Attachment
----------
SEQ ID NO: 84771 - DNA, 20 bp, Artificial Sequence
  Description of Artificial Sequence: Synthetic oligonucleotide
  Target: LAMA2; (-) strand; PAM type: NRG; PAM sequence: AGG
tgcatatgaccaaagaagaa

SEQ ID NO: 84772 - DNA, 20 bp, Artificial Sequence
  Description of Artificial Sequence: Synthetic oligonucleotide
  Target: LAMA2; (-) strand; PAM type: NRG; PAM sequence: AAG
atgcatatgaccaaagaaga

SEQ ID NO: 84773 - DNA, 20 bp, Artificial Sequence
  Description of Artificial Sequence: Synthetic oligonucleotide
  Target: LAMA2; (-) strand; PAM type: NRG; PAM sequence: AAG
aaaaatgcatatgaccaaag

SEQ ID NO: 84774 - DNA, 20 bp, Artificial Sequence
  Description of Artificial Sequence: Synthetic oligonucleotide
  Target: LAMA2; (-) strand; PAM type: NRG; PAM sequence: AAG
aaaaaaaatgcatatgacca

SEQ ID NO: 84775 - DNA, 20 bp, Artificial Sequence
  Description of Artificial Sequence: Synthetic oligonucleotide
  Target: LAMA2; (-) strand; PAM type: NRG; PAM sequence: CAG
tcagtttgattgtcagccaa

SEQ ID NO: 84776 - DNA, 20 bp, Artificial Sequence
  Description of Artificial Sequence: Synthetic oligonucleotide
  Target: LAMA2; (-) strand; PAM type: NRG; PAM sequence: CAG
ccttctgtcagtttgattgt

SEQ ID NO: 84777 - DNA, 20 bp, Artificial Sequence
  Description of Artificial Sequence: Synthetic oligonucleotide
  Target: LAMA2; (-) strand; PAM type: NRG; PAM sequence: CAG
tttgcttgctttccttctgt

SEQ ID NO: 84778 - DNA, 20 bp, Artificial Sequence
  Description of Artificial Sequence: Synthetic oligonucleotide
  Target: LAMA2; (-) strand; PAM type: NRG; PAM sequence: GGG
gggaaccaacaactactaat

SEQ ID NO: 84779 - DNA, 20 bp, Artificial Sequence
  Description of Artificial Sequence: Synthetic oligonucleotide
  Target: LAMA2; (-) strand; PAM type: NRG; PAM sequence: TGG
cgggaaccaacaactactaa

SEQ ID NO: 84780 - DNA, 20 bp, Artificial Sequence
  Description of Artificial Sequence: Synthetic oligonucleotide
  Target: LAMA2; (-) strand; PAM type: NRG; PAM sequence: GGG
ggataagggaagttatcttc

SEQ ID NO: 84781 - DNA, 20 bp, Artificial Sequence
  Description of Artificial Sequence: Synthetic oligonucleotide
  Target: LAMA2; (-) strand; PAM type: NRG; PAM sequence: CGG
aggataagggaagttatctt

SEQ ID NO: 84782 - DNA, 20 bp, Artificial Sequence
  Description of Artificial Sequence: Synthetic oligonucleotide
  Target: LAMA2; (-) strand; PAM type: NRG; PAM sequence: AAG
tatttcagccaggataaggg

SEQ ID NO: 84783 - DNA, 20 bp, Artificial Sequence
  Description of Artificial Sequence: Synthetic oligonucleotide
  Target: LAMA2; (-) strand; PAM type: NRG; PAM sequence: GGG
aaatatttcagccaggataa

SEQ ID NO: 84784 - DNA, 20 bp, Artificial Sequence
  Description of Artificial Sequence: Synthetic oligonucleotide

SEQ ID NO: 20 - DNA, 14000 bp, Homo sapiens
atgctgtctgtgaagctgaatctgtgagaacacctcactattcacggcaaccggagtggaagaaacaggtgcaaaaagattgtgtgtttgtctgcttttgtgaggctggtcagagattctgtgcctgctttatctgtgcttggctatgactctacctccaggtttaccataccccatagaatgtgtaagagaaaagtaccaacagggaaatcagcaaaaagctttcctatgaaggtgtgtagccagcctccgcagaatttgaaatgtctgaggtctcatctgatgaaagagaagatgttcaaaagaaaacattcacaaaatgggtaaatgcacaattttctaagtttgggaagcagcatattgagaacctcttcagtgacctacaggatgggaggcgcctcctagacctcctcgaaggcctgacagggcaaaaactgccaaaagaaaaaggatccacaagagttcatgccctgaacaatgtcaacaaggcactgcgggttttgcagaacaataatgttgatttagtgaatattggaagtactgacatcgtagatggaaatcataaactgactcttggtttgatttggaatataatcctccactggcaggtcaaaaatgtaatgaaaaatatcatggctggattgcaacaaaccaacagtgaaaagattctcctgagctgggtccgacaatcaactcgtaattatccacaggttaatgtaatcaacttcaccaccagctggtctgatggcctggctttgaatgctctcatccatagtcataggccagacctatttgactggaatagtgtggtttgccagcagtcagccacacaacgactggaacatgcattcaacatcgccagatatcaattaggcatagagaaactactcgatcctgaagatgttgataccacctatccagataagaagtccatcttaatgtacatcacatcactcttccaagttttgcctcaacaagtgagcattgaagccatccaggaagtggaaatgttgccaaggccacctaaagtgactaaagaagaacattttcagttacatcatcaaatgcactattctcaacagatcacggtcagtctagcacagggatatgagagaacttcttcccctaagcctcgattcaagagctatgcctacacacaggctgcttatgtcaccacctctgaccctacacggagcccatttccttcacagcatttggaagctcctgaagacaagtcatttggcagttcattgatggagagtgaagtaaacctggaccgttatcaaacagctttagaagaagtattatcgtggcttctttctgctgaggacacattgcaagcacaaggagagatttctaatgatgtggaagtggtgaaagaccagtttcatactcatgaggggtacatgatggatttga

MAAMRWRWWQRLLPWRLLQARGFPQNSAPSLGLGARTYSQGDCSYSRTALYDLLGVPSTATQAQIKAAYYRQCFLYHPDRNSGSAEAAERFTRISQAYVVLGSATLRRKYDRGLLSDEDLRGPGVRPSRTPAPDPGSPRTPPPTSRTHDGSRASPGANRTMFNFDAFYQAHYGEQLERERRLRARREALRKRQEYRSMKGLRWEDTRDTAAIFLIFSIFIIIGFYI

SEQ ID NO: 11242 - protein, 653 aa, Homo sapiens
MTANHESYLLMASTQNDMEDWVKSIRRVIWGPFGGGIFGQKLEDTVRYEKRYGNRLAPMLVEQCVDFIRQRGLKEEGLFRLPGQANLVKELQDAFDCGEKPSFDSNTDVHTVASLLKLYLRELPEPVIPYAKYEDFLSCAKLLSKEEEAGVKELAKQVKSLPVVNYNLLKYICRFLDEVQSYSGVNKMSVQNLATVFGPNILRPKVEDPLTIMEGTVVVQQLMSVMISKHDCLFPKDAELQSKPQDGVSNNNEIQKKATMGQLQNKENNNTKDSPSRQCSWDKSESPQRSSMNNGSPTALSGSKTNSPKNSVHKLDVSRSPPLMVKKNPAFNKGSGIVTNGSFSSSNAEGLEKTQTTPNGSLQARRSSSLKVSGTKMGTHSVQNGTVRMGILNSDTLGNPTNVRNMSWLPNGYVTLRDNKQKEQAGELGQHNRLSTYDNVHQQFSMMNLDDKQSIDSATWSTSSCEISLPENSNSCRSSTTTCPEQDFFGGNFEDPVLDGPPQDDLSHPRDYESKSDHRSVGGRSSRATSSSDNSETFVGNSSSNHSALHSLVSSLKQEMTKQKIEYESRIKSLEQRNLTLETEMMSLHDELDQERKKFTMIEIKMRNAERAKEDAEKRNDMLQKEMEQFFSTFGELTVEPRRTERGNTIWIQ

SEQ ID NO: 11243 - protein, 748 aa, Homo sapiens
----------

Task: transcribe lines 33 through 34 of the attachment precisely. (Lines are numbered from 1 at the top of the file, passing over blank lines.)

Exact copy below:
SEQ ID NO: 84779 - DNA, 20 bp, Artificial Sequence
  Description of Artificial Sequence: Synthetic oligonucleotide